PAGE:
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Summary: on why Jesus deserves our praises as they did on Palm Sunday - for his person and his office

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April 8, 2001 Luke 19:28-40

After Jesus had said this, he went on ahead, going up to Jerusalem. 29 As he approached Bethphage and Bethany at the hill called the Mount of Olives, he sent two of his disciples, saying to them, 30 “Go to the village ahead of you, and as you enter it, you will find a colt tied there, which no one has ever ridden. Untie it and bring it here. 31 If anyone asks you, ‘Why are you untying it?’ tell him, ‘The Lord needs it.’” 32 Those who were sent ahead went and found it just as he had told them. 33 As they were untying the colt, its owners asked them, “Why are you untying the colt?” 34 They replied, “The Lord needs it.” 35 They brought it to Jesus, threw their cloaks on the colt and put Jesus on it. 36 As he went along, people spread their cloaks on the road. 37 When he came near the place where the road goes down the Mount of Olives, the whole crowd of disciples began joyfully to praise God in loud voices for all the miracles they had seen: 38 “Blessed is the king who comes in the name of the Lord!” “Peace in heaven and glory in the highest!” 39 Some of the Pharisees in the crowd said to Jesus, “Teacher, rebuke your disciples!” 40 “I tell you,” he replied, “if they keep quiet, the stones will cry out.”

Several years ago I attended a Garth Brooks concert with my wife in Manhattan at the “Country Stampede.” I felt kind of out of place in the whole scenario. I wasn’t wearing cowboy boots. I don’t own a ten gallon hat or chaps, and I don’t know how to ride a horse. But that’s not why I felt out of place. As I scanned the crowd that evening, I could see all of these people rising to the tops of their seats, singing along note by note - and something just didn’t seem right. It just didn’t feel right to praise this guy like the greatest thing since sliced bread. Although I like his music, I just couldn’t justify paying thirty to fifty dollars to just to listen to his music. (We had gotten free tickets.)

Think about it - for all the hubbub, how much do singers and stars really do for the audience? A few hours of ear blasting music might get the blood pumping, and give you something to talk about and fondly remember for a month or two—but soon it’s a faded memory and a faded and worn out T-shirt, which needs be replaced by another concert. To each his own, but to me - it just didn’t seem worth it.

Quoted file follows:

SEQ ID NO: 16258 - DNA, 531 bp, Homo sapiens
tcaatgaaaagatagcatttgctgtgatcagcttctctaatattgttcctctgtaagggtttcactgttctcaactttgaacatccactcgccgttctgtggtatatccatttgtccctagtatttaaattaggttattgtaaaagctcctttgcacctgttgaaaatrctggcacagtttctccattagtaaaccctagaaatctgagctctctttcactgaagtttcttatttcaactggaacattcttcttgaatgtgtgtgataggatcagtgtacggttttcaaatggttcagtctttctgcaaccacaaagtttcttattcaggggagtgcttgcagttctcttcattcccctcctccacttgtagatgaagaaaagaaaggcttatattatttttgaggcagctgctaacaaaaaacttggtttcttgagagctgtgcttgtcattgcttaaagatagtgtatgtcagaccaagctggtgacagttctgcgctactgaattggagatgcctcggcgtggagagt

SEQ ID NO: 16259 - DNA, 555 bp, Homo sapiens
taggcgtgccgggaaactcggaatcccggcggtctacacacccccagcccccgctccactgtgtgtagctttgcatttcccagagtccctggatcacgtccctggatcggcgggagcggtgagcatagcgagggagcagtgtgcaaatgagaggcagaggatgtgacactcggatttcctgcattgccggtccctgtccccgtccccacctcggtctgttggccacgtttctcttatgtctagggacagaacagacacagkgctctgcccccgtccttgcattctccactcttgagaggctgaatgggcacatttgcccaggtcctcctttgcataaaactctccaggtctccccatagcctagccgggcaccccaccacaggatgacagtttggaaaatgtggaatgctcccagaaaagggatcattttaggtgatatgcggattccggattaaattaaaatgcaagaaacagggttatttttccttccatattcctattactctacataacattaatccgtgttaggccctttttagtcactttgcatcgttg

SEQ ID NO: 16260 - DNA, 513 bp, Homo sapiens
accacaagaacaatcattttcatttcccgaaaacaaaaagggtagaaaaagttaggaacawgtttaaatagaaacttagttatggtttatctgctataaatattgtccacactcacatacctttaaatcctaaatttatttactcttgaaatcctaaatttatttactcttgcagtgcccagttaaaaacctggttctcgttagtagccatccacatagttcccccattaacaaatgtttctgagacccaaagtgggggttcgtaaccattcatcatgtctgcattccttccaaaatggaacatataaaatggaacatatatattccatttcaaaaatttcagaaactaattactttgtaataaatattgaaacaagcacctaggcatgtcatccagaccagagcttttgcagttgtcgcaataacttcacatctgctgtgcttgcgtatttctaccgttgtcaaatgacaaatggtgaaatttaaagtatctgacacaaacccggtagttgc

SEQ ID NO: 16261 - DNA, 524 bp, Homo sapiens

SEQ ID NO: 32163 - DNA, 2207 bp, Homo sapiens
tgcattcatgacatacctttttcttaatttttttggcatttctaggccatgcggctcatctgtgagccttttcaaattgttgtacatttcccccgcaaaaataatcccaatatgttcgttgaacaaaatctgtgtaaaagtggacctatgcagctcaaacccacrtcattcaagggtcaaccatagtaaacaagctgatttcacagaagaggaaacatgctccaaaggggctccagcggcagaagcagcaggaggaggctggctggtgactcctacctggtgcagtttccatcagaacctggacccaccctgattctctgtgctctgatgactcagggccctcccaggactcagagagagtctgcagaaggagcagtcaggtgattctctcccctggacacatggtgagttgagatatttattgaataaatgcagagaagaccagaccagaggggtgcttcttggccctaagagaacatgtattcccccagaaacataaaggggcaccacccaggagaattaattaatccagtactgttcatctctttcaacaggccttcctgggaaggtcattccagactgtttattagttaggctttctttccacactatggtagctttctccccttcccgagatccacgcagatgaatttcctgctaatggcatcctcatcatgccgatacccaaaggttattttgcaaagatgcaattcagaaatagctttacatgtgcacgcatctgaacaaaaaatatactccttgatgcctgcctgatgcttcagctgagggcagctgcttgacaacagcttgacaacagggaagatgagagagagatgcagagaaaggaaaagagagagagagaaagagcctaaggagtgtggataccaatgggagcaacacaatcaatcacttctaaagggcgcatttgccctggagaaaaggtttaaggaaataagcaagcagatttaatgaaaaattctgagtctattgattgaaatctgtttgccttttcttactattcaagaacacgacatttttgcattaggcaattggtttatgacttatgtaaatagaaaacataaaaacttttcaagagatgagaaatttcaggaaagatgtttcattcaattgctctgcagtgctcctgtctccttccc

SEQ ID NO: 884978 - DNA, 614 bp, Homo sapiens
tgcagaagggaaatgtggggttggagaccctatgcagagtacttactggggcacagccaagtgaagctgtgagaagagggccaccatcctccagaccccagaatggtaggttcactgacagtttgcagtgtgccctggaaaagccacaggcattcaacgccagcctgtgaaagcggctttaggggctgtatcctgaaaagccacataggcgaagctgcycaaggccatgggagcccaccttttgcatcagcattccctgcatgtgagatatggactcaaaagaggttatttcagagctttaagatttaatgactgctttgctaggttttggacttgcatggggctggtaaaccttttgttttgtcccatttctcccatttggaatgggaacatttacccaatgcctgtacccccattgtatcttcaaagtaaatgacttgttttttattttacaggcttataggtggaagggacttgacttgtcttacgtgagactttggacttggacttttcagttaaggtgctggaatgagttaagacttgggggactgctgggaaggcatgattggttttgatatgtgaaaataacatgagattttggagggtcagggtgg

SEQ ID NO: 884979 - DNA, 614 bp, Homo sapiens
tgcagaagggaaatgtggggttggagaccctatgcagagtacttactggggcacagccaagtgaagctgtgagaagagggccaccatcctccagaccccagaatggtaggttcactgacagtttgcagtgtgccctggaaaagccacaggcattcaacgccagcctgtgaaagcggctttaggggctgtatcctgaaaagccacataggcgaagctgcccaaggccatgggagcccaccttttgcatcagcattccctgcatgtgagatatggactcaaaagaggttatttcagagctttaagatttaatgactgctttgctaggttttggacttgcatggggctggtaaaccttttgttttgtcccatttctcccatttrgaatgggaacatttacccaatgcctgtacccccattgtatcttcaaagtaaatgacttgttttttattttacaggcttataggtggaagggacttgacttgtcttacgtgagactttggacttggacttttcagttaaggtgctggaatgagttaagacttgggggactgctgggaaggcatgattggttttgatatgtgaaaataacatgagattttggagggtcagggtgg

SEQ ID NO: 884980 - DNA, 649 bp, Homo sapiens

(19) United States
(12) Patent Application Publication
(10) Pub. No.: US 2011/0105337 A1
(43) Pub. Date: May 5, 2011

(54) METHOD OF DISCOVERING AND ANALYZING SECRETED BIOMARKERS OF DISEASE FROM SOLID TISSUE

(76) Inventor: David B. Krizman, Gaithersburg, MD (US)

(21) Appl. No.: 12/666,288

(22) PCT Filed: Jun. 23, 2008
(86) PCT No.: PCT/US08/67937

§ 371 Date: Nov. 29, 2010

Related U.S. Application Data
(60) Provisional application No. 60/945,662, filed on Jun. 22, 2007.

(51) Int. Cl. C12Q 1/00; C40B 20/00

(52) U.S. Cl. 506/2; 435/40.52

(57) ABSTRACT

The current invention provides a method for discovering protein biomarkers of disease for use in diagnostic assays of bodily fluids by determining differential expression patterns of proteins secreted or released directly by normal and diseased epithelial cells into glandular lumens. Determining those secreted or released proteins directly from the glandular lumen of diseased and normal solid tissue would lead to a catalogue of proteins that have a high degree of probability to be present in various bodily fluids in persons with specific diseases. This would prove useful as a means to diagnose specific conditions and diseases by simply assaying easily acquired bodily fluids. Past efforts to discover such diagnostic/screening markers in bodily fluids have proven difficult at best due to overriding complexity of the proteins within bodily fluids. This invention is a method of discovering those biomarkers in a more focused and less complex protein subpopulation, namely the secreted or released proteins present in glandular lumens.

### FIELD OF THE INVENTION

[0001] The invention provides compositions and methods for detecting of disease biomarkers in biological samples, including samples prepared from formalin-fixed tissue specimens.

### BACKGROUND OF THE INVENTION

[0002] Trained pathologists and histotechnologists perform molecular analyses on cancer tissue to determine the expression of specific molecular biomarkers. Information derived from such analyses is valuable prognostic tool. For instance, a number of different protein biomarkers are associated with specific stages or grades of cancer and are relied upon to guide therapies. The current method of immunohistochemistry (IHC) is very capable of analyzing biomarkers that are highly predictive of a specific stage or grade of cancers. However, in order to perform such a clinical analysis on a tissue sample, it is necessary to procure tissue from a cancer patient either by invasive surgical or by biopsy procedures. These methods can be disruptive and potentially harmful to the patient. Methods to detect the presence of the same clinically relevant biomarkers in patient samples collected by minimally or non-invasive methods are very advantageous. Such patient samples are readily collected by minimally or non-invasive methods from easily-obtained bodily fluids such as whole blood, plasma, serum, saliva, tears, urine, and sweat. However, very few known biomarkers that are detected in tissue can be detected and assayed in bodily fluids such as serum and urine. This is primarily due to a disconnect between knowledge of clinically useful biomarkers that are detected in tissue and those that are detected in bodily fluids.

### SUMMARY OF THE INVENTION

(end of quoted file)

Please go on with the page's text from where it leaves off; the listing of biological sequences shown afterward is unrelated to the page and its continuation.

Jesus did not smash guitars, crank out tunes, do any solos or arias or unplugged performances. His manger was never shown on MTV’s “cribs.” He never got a music award. Yet, His entrance to Jerusalem shows that He had those who praised Him. Like the fickle fans of music today, you love the guy one week, and hate him the next. Today, on Palm Sunday, the disciples called out “Blessed is He who comes in the name of the Lord.” They threw their garments before Him and honored Him. Jesus deserved all the praise He received, and more.

Jesus deserves our praise, as well. If we will not give it, the stones must cry out. Let’s take a look this morning at why Jesus deserves our praise, now and forever. We all have a good idea why—but let’s take a look at what this Palm Sunday Gospel tells us:

Jesus Deserves Our Praise

I. For His Person

The first temptation held forth the promise to Adam and Eve, that they would be “like God.” Every sin and temptation since then holds forth the same empty promise: “if you do this, you will be like God. YOU will have the control, YOU will have the power, YOU will have the glory. YOU will have the praise you deserve.” Whether it’s a temptation to pride, selfishness, greed, immorality, rage, slander, or whatever. That’s the empty promise. The devil knows it works. People have bought into it since the beginning. Interesting isn’t it - dogs are happy with their dogginess, sheep with their sheepiness, but humans always want to be more.

Problem is, as sinners, we want to be like God—and we can’t even get being human right. God made us in His image. He made us caretakers of His creation. He wants us to be like Him in this respect: that we care for others, and have mercy on others, and be faithful in the work He has given us. But we can’t even get that down right, and the devil comes along and gets us to think that somehow, we can be more: we can be like God. We can barely take care of ourselves half the time, let alone a family, or even a pet. And we think we’ll be capable of ruling the universe. Sin turned the tables, and has us falsely try to become our own God. And ruins us all the more for it.

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